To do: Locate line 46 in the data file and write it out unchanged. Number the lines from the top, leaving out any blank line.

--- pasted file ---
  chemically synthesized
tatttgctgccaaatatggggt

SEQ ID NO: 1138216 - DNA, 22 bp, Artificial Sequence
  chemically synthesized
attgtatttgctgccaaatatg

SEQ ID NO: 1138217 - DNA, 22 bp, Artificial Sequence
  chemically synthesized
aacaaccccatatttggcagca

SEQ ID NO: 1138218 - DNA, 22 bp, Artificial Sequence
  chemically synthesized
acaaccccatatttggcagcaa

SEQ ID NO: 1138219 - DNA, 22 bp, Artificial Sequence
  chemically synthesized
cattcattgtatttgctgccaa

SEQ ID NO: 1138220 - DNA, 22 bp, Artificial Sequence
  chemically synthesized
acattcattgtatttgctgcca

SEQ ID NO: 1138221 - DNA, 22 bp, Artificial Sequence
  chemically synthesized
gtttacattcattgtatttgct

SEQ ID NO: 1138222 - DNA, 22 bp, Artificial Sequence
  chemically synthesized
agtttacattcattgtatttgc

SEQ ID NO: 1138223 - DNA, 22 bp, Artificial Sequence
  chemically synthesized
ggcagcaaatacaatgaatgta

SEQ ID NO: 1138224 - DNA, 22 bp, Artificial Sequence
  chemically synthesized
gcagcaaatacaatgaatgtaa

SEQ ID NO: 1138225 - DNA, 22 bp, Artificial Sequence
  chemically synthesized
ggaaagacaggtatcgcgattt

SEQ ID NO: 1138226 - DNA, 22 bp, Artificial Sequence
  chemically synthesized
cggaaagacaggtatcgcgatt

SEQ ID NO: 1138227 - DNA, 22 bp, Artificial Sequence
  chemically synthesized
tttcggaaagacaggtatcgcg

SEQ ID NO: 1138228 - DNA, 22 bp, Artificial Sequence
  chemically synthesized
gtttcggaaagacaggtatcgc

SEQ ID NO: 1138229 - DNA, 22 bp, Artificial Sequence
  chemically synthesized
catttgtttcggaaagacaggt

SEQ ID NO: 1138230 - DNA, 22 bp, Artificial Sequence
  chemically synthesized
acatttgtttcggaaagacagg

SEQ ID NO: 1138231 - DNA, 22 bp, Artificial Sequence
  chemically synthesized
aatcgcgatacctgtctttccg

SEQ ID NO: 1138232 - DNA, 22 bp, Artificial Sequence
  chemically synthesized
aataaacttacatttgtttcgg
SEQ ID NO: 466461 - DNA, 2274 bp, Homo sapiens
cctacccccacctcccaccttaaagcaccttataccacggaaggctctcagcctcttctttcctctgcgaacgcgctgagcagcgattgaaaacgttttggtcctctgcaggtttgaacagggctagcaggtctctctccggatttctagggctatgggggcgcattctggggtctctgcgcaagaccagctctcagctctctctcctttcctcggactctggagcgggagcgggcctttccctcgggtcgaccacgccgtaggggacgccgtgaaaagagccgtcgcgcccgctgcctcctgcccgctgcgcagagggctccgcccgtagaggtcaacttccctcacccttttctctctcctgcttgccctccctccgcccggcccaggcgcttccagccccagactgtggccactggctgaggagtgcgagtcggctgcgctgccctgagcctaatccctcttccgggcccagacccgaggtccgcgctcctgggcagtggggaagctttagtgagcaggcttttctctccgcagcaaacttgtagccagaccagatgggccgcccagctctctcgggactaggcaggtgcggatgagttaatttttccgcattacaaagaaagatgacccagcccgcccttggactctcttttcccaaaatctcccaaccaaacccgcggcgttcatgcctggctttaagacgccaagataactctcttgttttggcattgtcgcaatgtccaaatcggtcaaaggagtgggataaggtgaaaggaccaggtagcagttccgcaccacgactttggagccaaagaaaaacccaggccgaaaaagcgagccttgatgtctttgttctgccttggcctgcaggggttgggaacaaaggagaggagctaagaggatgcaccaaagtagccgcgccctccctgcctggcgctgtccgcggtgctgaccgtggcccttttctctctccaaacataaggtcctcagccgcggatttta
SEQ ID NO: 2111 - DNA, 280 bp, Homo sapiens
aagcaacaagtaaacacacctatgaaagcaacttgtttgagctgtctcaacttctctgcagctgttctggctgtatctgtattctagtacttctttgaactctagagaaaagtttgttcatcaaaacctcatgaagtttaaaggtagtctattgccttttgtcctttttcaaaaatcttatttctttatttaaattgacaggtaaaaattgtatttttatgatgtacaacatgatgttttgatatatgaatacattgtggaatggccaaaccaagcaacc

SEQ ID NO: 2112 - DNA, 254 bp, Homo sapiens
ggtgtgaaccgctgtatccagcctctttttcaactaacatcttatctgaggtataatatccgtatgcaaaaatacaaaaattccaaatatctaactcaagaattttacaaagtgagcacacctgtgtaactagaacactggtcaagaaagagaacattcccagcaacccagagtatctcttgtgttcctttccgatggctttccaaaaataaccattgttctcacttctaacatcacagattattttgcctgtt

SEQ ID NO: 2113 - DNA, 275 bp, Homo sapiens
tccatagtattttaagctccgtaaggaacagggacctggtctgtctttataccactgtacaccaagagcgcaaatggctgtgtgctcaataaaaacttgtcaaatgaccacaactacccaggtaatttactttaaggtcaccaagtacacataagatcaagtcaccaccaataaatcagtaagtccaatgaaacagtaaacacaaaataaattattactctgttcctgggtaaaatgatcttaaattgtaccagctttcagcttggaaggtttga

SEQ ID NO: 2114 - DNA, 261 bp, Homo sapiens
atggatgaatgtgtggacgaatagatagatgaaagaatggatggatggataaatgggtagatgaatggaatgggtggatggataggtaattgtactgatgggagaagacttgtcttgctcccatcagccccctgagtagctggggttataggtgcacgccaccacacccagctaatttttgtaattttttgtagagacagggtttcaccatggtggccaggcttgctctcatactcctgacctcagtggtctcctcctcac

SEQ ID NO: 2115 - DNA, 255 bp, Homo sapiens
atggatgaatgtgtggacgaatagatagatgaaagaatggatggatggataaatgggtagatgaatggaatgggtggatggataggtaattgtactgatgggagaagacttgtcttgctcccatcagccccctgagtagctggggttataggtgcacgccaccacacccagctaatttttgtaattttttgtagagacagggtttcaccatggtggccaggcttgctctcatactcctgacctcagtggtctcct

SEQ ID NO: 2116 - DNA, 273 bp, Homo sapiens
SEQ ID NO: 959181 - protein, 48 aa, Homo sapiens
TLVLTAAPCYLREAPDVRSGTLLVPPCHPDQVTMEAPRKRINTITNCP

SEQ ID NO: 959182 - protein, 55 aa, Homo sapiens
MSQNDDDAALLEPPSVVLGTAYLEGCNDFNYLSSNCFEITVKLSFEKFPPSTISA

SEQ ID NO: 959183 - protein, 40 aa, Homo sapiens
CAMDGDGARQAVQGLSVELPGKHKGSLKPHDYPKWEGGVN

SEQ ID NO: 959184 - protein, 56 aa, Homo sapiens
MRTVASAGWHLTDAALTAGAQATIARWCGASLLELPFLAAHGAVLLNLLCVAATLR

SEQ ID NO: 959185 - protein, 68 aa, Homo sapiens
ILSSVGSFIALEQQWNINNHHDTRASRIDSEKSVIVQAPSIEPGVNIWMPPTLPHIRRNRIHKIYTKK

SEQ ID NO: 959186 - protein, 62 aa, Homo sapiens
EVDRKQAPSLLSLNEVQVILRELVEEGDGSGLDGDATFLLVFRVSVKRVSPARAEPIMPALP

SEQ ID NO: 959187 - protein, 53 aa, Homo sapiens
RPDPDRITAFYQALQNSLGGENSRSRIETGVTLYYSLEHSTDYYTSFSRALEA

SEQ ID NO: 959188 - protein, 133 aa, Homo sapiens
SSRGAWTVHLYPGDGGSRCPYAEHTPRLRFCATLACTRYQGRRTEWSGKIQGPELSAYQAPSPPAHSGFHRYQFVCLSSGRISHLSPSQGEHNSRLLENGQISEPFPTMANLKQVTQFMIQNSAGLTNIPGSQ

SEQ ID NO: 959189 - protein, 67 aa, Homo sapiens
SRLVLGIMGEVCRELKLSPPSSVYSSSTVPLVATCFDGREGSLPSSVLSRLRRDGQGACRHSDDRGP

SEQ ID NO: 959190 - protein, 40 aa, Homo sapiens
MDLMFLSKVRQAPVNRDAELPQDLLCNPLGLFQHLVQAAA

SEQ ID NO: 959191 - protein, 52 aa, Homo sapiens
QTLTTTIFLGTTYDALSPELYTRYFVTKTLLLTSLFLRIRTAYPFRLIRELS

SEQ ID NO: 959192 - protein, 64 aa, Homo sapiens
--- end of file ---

  chemically synthesized